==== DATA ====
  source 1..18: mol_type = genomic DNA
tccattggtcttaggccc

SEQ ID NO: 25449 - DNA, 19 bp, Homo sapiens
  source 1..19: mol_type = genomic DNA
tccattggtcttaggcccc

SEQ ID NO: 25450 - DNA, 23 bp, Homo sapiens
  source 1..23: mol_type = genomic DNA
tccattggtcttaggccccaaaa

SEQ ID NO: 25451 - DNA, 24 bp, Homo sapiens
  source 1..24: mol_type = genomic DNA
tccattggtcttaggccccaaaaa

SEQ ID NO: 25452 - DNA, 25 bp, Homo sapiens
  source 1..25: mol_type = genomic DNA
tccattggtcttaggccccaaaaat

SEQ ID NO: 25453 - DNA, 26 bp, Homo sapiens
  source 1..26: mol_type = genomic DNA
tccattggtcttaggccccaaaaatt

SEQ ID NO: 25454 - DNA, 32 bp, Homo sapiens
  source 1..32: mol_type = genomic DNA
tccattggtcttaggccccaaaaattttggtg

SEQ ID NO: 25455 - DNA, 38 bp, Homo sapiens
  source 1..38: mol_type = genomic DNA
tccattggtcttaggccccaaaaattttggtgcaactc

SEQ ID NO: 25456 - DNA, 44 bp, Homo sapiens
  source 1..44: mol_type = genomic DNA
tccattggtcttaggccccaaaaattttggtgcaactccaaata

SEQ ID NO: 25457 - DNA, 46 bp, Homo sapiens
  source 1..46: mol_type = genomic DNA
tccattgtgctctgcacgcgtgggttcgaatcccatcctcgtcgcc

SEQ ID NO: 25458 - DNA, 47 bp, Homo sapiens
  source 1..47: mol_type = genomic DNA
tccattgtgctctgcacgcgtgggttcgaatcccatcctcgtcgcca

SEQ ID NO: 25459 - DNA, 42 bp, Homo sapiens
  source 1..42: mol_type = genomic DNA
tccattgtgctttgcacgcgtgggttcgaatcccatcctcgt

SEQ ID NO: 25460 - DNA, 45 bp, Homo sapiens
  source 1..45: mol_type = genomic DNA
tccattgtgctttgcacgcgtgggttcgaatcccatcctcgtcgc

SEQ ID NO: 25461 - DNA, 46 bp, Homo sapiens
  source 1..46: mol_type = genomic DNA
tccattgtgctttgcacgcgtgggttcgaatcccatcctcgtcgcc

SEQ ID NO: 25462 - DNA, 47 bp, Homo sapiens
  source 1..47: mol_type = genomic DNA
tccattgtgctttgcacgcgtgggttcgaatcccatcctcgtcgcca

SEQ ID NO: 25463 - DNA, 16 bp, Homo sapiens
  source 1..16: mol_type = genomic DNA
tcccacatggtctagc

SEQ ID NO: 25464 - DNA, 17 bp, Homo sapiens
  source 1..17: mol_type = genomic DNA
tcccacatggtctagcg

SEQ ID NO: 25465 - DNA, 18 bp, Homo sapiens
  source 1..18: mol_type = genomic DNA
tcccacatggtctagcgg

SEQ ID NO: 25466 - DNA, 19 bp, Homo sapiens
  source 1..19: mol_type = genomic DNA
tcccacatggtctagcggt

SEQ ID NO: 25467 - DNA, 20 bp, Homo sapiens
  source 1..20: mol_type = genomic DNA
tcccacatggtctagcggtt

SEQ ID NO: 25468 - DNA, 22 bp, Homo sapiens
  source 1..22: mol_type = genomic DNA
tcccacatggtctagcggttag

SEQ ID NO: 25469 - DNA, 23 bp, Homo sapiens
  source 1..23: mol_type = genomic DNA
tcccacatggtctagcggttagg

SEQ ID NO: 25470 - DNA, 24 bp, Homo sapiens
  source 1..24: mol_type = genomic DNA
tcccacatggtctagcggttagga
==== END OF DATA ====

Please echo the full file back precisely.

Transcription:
  source 1..18: mol_type = genomic DNA
tccattggtcttaggccc

SEQ ID NO: 25449 - DNA, 19 bp, Homo sapiens
  source 1..19: mol_type = genomic DNA
tccattggtcttaggcccc

SEQ ID NO: 25450 - DNA, 23 bp, Homo sapiens
  source 1..23: mol_type = genomic DNA
tccattggtcttaggccccaaaa

SEQ ID NO: 25451 - DNA, 24 bp, Homo sapiens
  source 1..24: mol_type = genomic DNA
tccattggtcttaggccccaaaaa

SEQ ID NO: 25452 - DNA, 25 bp, Homo sapiens
  source 1..25: mol_type = genomic DNA
tccattggtcttaggccccaaaaat

SEQ ID NO: 25453 - DNA, 26 bp, Homo sapiens
  source 1..26: mol_type = genomic DNA
tccattggtcttaggccccaaaaatt

SEQ ID NO: 25454 - DNA, 32 bp, Homo sapiens
  source 1..32: mol_type = genomic DNA
tccattggtcttaggccccaaaaattttggtg

SEQ ID NO: 25455 - DNA, 38 bp, Homo sapiens
  source 1..38: mol_type = genomic DNA
tccattggtcttaggccccaaaaattttggtgcaactc

SEQ ID NO: 25456 - DNA, 44 bp, Homo sapiens
  source 1..44: mol_type = genomic DNA
tccattggtcttaggccccaaaaattttggtgcaactccaaata

SEQ ID NO: 25457 - DNA, 46 bp, Homo sapiens
  source 1..46: mol_type = genomic DNA
tccattgtgctctgcacgcgtgggttcgaatcccatcctcgtcgcc

SEQ ID NO: 25458 - DNA, 47 bp, Homo sapiens
  source 1..47: mol_type = genomic DNA
tccattgtgctctgcacgcgtgggttcgaatcccatcctcgtcgcca

SEQ ID NO: 25459 - DNA, 42 bp, Homo sapiens
  source 1..42: mol_type = genomic DNA
tccattgtgctttgcacgcgtgggttcgaatcccatcctcgt

SEQ ID NO: 25460 - DNA, 45 bp, Homo sapiens
  source 1..45: mol_type = genomic DNA
tccattgtgctttgcacgcgtgggttcgaatcccatcctcgtcgc

SEQ ID NO: 25461 - DNA, 46 bp, Homo sapiens
  source 1..46: mol_type = genomic DNA
tccattgtgctttgcacgcgtgggttcgaatcccatcctcgtcgcc

SEQ ID NO: 25462 - DNA, 47 bp, Homo sapiens
  source 1..47: mol_type = genomic DNA
tccattgtgctttgcacgcgtgggttcgaatcccatcctcgtcgcca

SEQ ID NO: 25463 - DNA, 16 bp, Homo sapiens
  source 1..16: mol_type = genomic DNA
tcccacatggtctagc

SEQ ID NO: 25464 - DNA, 17 bp, Homo sapiens
  source 1..17: mol_type = genomic DNA
tcccacatggtctagcg

SEQ ID NO: 25465 - DNA, 18 bp, Homo sapiens
  source 1..18: mol_type = genomic DNA
tcccacatggtctagcgg

SEQ ID NO: 25466 - DNA, 19 bp, Homo sapiens
  source 1..19: mol_type = genomic DNA
tcccacatggtctagcggt

SEQ ID NO: 25467 - DNA, 20 bp, Homo sapiens
  source 1..20: mol_type = genomic DNA
tcccacatggtctagcggtt

SEQ ID NO: 25468 - DNA, 22 bp, Homo sapiens
  source 1..22: mol_type = genomic DNA
tcccacatggtctagcggttag

SEQ ID NO: 25469 - DNA, 23 bp, Homo sapiens
  source 1..23: mol_type = genomic DNA
tcccacatggtctagcggttagg

SEQ ID NO: 25470 - DNA, 24 bp, Homo sapiens
  source 1..24: mol_type = genomic DNA
tcccacatggtctagcggttagga